For now I'm going to skip the zoa's due to palytoxin concerns of the family (realizing the risk is somewhat overstated and can be mitigated). I'm not sure what types of corals I will get.  I really like some of the mushrooms and LPS (acans, favites, goni/Alveopora, and plates), and the encrusting types.

 

Here is a pick of the leak test.

5a11f1aee9a8d_petco3.7AIOstock.thumb.jpg.c291372a88dd3217081414e290c45f2e.jpg

 

Edited by morecoffee
Update for actual equipment
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Score!  I have the same tank, but I'm not sure how it does for saltwater since I use mine for a freshwater shrimp tank in my office.  The stock motor is incredibly weak - even for freshwater so you'll certainly want to replace that, along with the mechanical filtration.  The back compartments are pretty spacious though.  I think you could use a Kessil A160 for lighting and still keep the stock glass top to reduce evaporation. 

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Below is a diagram I made of the sump (proportions may vary).  I noticed when filling it up that some chambers started filling up before I thought they should be able to.  What you are seeing below is the back side of the aquarium.  When full and running the water enters at the top left through the over flow slits and a slit towards the bottom half #3.  I assume this is to keep the water flowing going  if the water level drops too low.  Then the water would move from the front to the back through a mechanical/carbon filter then a filter with tiny media.  Once it gets past filters #1 & #2 it can go through the bottom of the plastic insert.  The bottom of the insert only covers the front half.  At point #4 where the plastic insert meets the back glass it is not fully siliconed so water could pass through in small amounts without going through the bottom of the chamber.  Then it hits the glass that most of the water must then go over.  But at #5 the bottom of the glass is not siliconed and there is a less than 1 mm gap.  The water that goes over the glass then would have to go down a sponge and come out in the final camber before getting pumped back in the tank. 

 

At point #3 would you recommend sealing it and what product should I use?  I assume some type of black silicone.  I can easily fill it with something thick from the main side of the aquarium and it is narrow enough that it should not need reinforcement.

 

#4 & #5 would be much harder to seal.  Should I just not worry about it?  If I did seal it is there a marine safe product like plummer's putty I could use?  I am envisioning rolling something out like play-dough and just smushing  it in the seam.  Possibly even product that doesn't ever really set.

 

 

 

5a12fcf2e28f4_3.7Sump.gif.9889afdb86d7f3a9428dde228e223bfe.gif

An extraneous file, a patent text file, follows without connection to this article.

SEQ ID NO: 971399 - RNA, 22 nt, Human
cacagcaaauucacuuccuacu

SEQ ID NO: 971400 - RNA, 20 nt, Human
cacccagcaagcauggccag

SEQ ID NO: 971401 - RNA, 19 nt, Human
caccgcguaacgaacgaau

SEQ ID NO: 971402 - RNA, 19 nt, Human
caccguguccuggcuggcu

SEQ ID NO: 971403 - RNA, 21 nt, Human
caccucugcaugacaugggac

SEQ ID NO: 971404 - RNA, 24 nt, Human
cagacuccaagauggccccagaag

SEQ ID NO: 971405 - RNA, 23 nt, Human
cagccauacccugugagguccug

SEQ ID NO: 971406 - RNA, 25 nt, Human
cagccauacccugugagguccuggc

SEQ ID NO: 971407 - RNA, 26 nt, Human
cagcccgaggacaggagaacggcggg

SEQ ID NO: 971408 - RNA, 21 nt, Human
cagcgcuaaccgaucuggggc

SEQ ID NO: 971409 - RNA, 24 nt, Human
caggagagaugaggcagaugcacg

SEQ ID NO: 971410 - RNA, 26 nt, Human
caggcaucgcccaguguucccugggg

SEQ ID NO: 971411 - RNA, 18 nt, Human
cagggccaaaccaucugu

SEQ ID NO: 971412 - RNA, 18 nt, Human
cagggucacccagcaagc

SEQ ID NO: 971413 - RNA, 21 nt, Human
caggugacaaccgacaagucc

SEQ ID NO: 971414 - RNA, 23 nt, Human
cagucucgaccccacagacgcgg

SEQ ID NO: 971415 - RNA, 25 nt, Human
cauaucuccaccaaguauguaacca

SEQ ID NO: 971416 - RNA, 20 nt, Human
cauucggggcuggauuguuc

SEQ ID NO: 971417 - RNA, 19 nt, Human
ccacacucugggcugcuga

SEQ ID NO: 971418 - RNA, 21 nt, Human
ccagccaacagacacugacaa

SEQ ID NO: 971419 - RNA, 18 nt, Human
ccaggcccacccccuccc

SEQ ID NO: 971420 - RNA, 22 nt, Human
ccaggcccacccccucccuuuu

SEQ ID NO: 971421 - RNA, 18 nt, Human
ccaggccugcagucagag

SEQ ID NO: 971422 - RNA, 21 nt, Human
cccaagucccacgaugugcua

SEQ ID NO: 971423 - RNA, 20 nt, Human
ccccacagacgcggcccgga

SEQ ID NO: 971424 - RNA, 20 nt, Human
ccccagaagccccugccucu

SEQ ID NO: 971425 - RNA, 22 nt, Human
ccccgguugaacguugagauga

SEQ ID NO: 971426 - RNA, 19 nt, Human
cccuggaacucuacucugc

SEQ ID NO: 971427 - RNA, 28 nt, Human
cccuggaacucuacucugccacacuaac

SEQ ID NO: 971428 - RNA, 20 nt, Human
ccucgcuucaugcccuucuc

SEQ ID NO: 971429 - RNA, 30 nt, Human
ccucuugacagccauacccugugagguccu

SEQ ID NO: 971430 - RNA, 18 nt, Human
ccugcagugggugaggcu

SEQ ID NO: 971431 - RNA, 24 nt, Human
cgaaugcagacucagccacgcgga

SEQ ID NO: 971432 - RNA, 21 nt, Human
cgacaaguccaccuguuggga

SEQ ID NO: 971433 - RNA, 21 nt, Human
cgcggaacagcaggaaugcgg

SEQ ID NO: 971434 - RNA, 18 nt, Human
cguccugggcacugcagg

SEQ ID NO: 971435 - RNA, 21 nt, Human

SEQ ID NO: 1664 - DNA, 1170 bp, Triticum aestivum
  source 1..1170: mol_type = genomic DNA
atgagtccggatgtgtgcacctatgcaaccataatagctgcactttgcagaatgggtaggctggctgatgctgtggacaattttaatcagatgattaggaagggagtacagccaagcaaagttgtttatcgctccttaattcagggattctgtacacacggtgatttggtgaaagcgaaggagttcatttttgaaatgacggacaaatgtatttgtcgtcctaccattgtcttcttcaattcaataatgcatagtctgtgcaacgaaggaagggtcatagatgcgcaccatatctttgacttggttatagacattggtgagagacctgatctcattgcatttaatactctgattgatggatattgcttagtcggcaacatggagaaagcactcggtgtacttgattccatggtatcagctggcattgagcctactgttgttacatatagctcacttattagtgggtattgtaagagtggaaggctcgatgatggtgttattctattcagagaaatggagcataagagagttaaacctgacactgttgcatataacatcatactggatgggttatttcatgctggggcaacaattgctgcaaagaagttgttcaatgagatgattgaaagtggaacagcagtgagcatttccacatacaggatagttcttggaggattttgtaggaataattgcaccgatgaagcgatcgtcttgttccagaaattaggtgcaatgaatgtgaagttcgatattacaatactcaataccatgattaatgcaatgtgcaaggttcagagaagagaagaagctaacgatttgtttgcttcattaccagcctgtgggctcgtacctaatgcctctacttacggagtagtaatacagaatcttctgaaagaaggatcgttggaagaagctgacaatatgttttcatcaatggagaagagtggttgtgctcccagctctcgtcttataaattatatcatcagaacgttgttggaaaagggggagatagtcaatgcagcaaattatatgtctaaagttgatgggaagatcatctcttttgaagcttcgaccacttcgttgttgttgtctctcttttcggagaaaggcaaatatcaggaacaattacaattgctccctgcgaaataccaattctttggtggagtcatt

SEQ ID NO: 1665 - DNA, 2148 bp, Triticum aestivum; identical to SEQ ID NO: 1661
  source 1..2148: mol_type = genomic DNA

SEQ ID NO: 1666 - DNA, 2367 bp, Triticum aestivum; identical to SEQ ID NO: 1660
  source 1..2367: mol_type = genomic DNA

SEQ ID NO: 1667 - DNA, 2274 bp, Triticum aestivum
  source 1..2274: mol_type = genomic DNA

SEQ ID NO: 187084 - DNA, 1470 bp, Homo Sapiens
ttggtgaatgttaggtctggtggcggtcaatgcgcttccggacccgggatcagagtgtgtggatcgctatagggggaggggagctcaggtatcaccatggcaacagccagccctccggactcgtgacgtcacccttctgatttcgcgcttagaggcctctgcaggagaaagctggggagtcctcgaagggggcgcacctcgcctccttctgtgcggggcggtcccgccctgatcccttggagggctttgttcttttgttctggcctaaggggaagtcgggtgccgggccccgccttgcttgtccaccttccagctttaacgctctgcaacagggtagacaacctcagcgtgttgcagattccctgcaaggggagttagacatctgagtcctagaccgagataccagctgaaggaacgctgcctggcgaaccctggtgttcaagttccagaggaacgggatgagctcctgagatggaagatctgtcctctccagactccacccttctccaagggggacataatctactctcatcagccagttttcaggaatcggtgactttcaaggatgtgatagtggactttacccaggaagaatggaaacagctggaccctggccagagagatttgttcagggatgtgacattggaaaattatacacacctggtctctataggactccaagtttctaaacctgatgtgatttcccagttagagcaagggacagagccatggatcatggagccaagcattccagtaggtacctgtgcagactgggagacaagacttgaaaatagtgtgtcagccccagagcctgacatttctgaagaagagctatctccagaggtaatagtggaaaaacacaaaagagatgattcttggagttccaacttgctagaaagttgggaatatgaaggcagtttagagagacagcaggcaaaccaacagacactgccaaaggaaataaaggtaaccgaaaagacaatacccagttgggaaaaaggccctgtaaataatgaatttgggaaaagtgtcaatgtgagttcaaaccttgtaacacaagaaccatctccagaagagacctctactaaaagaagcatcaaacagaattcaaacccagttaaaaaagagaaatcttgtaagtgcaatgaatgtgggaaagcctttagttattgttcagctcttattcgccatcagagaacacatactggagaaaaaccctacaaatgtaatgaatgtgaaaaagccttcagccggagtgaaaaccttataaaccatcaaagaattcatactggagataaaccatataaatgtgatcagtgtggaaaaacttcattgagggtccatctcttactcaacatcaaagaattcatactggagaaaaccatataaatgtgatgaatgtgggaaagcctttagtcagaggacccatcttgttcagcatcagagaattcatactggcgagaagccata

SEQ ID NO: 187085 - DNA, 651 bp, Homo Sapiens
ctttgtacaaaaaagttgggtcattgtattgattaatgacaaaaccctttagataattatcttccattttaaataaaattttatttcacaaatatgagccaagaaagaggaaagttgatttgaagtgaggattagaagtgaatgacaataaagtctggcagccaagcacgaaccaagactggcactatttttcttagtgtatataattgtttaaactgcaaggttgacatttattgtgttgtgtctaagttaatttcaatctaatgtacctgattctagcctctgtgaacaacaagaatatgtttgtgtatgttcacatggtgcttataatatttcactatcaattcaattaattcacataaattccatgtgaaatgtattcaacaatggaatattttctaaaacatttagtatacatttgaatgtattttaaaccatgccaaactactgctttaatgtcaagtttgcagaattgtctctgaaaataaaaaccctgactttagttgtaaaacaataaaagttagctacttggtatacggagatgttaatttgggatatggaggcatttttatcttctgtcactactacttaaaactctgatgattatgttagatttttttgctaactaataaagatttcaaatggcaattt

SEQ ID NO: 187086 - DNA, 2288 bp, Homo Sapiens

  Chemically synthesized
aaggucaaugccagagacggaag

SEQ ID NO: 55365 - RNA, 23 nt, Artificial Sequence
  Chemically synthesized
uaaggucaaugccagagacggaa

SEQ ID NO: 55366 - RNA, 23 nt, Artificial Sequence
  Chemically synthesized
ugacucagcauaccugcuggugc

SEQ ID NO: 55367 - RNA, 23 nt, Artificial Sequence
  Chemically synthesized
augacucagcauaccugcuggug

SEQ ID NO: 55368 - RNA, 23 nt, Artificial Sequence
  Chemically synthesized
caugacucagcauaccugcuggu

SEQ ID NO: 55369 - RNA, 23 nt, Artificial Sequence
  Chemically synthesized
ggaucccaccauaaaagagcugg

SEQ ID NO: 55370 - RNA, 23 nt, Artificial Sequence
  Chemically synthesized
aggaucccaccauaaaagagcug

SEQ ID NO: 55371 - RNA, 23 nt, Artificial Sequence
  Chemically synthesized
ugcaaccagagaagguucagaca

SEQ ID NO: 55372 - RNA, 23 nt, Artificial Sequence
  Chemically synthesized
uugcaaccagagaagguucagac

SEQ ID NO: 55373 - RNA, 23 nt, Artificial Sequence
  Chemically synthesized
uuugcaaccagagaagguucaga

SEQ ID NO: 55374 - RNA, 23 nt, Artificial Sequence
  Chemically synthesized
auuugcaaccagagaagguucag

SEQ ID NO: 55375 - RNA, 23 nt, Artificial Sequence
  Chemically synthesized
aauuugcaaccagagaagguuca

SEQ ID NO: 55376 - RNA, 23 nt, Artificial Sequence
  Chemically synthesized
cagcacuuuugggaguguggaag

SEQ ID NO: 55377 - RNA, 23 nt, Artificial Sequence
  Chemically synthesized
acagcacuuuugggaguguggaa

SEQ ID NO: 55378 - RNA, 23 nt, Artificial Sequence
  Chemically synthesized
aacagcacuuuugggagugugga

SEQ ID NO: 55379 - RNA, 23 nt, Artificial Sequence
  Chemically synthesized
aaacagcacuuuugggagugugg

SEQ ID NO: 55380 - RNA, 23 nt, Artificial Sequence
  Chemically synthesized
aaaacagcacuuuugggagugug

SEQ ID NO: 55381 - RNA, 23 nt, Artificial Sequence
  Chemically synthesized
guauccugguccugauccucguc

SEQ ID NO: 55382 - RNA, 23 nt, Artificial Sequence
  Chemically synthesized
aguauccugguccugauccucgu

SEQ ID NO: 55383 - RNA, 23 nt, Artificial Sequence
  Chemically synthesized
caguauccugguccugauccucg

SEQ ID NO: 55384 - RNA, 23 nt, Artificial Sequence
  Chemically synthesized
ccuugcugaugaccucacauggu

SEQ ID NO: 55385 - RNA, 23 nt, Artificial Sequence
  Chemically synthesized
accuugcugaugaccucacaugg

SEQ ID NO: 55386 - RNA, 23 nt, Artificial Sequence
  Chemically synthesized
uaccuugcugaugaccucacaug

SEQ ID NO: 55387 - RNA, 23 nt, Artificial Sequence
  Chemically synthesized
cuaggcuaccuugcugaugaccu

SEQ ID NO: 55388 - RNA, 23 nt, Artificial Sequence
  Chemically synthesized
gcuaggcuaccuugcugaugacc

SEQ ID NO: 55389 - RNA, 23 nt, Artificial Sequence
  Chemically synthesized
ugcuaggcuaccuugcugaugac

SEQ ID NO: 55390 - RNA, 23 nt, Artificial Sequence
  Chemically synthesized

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I've ordered my equipment and updated the equipment listed three posts up.  I'm getting excited about this whole coral reef thing.  I've also ordered some Pukani dry rock and some Dr. Tim's One & Only.

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I've also received my dry rock.  I've cut the bottom, back, and right sides square and have it against back wall and side of the tank.  The front right of the rock is about two finger widths away from the glass.

 

Is it bad if my rock is against the back glass and right side?   I assume that it would not create any worse dead spots than caves and other crevices in the rock, but as a beginner I have no idea. 

 

Here is a shot of the front of the tank.   For scale the tile is  1 & 7/8 inches.

5a1d6e8201e16_fronttank.thumb.jpg.e438fbb102512b4b53a0fb0d47937cb6.jpg

 

Top View

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Aesthetically I like looks of my rock work and cave, but I'm not sure if it is good fit for my goals.  Currently I'm leaning towards non-anemone looking LPS.  Many of these seem to be well suited for placement on the sand bed and this particular scape would limit my available sand bed.  An alternative I'm considering is to mount a part I sawed off the main rock to the back wall instead.  I could use spacers on the back to make it look like it is floating in front of the back wall.  I might also add small pieces on the sides using magnets (thanks pico contest for all the ideas).   Is this a better idea considering my goals?

 

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I've went ahead and started the salt water and Dr Tim's One & Only with the big rock with the cave against the walls.   Is this going to cause me any system instability or just a little difficulty with cleaning algae on that side?  Thanks for helping a newbie.  

 

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Nah, you shouldn't have any trouble with the rock touching the glass other than it being difficult cleaning the right side with a magnet cleaner. 

 

The rock on the back glass may capture a bit of detritus though and I'd be weary of that.  I can't think of any solution to prevent detritus from getting back there and rotting out. It's such a small tank though, it may be worth experimenting with to see what happens.  Worst case scenario, you'll have to rockscape a 3.7 gallon tank, which shouldn't take very long. 

 

Did you end up replacing the stock pump?  I'm staring at my tank with the stock pump and it's VERY low flow and it constantly has stuff floating/swirling on top of the water.